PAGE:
Please excuse me: it's been a long time and I am going to expend a lot of hot air in this post. If you want a quick read, the next post is going to be short and sweet.
It's that time of year again. Resolutions are a-knocking. I gave up on detailed resolutions a long time ago since obsessing about my failure to stick to a plan would derail any actual progress made in the resolution area. Besides which, resolutions are a bit like coasters- you only bring them out when there's company in order to appear more "together" than you really are. So these days I give inconclusive answers, sort of meander towards a vague goal or two and hope for the best.
That approach is also a good way to describe Tanzanian governance at present. Inconclusive answers (so, who actually stole the money?), sort of meandering (lack of focus and commitment) towards a vague goal or two (grand ideas "vanquishing poverty", no tangible targets) and hope for the best (because ultimately, accountability is just a four-letter word). Maybe we only bring out development policy to appear more "together" on the world stage than we really are. Heh.
I have been media-fasting since sometime after the elections, and trying to get a more intuitive and experience-driven 'feel' for what this second term of Jay Kay's is going to bring. Well. Remember the power shortage issues The Establishment said it would fix by its' next term? The kind of laissez-faire attitude that led to the Richmond/Dowans shenanigans? Five years down the line and we're back on power rationing through a very hot December. The Cabinet continues to grow at an impressive rate, if not the economy. And The Establishment is using up it's 2010 supply of teargas as it practices oppressive maneuvers against the citizenry. By the way, I hear practice makes perfect. Mwananchi: watch out for an FFU near you lest you want to learn how to leg it from the authorities every time you dare to express a democratic opinion.
I admit, I don't hold out much hope for the second term of Jay Kay's presidency. So far all the signs suggest it's going to be more of the same. I am beginning to suspect that there might not, after all, be any hidden depths to my President's character*. No lurking resolve, no secret masterplan, no overarching vision. And if that's the case, I guess he's just one of our transitional incumbents (we like to flip between active presidents and passive presidents, apparently). More worrying than Jay Kay's excessive need to be liked is the simmering threat of vindictiveness that's coming off the ruling party like a bad stink.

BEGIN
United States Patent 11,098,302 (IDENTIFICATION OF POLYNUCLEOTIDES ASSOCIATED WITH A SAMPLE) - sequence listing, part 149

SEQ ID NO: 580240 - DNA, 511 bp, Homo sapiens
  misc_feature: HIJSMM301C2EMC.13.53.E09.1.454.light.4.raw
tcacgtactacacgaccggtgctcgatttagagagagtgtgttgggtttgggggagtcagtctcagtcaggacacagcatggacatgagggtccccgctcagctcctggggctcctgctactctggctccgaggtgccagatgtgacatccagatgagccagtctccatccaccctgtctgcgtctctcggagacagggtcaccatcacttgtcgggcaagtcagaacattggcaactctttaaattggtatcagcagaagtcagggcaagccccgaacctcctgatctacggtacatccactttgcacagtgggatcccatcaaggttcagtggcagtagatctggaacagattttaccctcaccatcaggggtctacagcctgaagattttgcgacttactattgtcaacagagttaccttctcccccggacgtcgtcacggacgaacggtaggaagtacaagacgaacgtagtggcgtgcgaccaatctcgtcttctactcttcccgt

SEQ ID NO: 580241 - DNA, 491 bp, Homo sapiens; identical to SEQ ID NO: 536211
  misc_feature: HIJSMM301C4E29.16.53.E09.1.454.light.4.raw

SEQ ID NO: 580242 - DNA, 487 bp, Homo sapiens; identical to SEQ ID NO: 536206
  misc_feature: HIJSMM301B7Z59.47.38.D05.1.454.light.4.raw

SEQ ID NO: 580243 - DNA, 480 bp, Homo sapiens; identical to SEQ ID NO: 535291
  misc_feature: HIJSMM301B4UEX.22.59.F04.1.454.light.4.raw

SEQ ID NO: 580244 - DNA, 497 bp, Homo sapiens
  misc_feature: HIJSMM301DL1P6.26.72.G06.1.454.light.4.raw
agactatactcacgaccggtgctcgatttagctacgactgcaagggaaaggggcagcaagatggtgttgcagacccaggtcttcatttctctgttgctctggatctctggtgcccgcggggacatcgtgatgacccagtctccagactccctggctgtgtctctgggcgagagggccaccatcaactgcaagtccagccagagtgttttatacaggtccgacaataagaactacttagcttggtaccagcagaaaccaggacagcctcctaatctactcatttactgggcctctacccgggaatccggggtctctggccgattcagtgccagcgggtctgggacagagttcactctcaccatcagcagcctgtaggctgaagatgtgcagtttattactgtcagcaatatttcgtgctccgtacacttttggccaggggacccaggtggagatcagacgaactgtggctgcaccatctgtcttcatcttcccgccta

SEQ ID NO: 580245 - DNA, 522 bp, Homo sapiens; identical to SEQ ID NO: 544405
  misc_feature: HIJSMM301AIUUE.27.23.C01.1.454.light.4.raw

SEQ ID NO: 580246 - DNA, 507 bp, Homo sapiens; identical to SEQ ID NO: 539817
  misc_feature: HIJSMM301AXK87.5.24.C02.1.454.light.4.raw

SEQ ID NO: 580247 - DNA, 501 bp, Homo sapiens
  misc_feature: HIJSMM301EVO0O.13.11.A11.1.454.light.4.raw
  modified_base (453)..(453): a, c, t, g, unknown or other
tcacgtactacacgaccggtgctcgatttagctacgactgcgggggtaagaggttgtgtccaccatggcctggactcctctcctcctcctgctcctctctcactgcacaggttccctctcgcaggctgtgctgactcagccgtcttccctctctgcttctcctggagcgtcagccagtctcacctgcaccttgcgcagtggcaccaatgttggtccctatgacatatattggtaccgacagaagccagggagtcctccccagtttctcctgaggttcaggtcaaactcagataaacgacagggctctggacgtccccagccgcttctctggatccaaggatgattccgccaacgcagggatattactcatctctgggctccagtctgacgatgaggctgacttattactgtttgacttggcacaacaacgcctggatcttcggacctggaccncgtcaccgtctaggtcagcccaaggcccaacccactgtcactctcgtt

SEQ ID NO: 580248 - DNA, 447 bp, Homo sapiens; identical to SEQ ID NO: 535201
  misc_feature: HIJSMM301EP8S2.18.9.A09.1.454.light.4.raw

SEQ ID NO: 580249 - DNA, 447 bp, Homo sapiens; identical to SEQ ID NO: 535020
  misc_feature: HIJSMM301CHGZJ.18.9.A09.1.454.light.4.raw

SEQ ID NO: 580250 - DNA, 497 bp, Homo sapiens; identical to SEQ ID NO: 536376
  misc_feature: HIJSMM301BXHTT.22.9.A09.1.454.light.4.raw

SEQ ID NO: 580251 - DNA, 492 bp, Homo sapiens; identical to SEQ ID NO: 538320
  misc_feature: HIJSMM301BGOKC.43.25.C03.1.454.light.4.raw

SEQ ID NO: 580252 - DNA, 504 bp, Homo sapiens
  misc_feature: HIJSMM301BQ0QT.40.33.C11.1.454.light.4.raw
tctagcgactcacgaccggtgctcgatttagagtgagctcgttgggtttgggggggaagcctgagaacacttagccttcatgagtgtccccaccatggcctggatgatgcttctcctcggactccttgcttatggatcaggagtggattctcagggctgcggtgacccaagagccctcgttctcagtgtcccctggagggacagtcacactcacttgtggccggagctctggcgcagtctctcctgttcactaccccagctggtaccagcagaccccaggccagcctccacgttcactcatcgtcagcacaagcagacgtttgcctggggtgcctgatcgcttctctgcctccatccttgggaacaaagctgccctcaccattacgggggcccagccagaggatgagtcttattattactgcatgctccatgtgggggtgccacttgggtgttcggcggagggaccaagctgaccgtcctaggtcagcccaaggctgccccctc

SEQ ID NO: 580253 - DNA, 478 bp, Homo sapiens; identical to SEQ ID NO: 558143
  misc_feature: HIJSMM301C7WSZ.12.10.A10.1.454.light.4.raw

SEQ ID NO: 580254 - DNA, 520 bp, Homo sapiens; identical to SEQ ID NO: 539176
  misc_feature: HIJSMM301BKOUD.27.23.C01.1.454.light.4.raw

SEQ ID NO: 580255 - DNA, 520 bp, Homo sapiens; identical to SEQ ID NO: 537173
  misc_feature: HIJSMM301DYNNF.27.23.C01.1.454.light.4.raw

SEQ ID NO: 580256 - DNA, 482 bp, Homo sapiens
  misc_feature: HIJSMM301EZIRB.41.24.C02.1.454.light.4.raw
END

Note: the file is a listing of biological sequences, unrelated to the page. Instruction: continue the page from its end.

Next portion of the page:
More than one apparatchik has been overheard saying things they really, really shouldn't. Like, constituencies such as mine which voted in an opposition candidate are going to feel the negative effects of that decision. Yeah, CCM: that's one way to endear yourself to a hostile votership. Or that Tanzanians are generally too stupid to know what's good for us because if we did we would vote CCM forever. If you hate fellow Tanzanians, what are you doing in politics? My favorite? That Tanzanians' failure to vote in CCM the way they wanted to be voted in is a sign of ingratitude. Ah, now there's the Party we're familiar with: ever gracious in defeat, the cream of Tanzanian society.
Anywho. The exciting part is that in this coming Term Two of Administration Number Four a number of meaty issues are going to show up in Bunge. The Freedom of Information Bill will likely be snuck in through the back door at some point because The Establishment would like for us not to know what's up (transparency sucks), and the Opposition and Civil Society and the media would like more access. A battle shall ensue.
Second: our Newspaper Act dates back to 1977. A fine year for democracy, that... not! Going to be keeping an eye out for the Media Bill that's sure to show up soon. Also troubling signs in this area: the government is going to try to restrict our constitutionally enshrined right to express ourselves publicly (accountability sucks), the Media Council of Tanzania, Tanzania Media Women's Alliance and various other CSOs are going to kick up a fuss, it's going to be interesting.
And last but not least: the Independent Candidate Issue. Chief Justice Ramadhani is no longer on the bench, there's a new sheriff in town. The last "ruling" on the government's appeal against the Supreme Court's previous ruling that... Whatever. Basically the Judiciary folded like a house of cards in a tropical thunderstorm on that issue and reminded us that the executive branch of government is still the only game in town. Next five years, hard to tell. Who knows if Independent Candidates are going to be allowed? Which leaves me wandering the wilderness, spending another year in search of a political party that is not embarrassing to belong to, supporting the tenacious Reverend Mtikila on his quest for legal activism.
The good news is that Zanzibar promises to be a very interesting case study on "shared" power in the region. I wish them the very best, and from the outside anyways it looks like the ingredients for success are there. We'll see, won't we?
*Fine, go ahead and say "I told you so." You know who you are.